Palliative patients wanting to die at home face new and costly drug dispensing fees
George Shallcross, 73, lives with Parkinson's disease and has chosen to die at home.
Shallcross' wife, Susan, said under the province's palliative program all of the costs of his medication are covered, including dispensing fees.
Starting Aug 18, the province is introducing a cap on dispensing fees for drugs.
It means pharmacies can charge the province no more than 60 dollars for liquid drugs that require mixing in sterile conditions
Shallcross takes 25 doses of liquid medication a day. His pharmacy said the changes will cost him about 900 dollars a month.
"I just couldn't sleep. I just thought how are we going to do this," she said.
"It's tough to go through because quite often over the years pharmacies have eaten the cost,” said Tache Pharmacy Manager Gregory Harochaw.
“It's got to the point where we can’t eat the cost of what we are being eaten on that."
In a statement to CTV News, a government spokesperson said Manitoba has the highest average dispensing fees by a provincial drug program in Canada and is the only province without a cap on the fees.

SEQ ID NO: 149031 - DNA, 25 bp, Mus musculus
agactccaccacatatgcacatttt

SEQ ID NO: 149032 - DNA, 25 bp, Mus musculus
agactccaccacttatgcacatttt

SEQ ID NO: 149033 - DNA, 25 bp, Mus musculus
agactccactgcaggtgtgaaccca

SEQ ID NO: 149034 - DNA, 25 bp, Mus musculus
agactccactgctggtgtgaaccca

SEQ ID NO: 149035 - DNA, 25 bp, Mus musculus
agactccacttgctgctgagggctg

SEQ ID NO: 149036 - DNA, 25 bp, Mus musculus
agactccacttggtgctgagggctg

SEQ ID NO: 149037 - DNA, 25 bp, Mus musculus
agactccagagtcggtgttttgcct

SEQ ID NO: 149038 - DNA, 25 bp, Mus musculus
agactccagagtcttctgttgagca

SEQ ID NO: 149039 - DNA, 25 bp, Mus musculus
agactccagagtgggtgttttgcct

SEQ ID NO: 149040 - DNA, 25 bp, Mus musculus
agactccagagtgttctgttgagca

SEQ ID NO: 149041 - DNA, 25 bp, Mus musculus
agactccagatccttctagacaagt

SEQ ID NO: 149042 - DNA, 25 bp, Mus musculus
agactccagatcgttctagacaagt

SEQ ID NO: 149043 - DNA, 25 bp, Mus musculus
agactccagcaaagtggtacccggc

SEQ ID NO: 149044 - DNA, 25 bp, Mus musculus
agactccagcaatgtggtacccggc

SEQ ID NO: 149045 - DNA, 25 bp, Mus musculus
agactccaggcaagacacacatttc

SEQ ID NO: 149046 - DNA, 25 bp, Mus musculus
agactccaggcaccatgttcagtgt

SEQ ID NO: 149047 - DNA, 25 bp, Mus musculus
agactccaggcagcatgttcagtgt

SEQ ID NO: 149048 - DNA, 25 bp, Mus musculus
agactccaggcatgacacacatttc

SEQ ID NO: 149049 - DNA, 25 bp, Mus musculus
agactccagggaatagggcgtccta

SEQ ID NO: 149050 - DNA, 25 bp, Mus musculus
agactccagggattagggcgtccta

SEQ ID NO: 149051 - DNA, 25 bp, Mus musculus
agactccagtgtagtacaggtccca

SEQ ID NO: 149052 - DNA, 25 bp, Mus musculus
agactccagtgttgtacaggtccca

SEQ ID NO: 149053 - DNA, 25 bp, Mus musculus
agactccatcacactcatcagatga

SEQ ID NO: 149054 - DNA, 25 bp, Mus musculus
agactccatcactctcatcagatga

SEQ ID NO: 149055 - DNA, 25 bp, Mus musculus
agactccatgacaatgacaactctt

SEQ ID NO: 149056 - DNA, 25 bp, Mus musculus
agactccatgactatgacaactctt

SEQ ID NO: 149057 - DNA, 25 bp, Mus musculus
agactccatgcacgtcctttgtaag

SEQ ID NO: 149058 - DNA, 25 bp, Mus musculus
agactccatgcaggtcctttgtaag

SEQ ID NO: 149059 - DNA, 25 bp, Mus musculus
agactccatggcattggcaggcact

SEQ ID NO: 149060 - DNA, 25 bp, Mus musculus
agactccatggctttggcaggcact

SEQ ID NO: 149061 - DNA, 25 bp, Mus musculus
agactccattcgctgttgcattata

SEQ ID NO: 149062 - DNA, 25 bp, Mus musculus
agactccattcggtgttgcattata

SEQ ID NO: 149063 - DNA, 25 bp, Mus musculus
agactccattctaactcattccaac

The spokesperson also said exceptions could be made for some patients.
“In situations where more complex dispensing services are required, Exceptions to the coverage limits will be considered on a case-by-case basis,” the spokesperson said.
Palliative Manitoba is concerned about patients being able to afford the new fees. The charity supports enhancing patient’s quality of life right up until death.
“This may prevent some people from getting their medication that they may need to have a comfortable death," said Executive Director Jennifer Gurke.
Susan said the new fees are unfair because it would cost the government more money to care for her husband in palliative care in hospital.
"It makes me angry. We are saving the government money and they are treating us this way," she said.
The couple can't even begin to fathom the financial stress of having to pay the new fees or having to leave their home.
The province encourages patients to talk with their pharmacist about the cost of dispensing fees.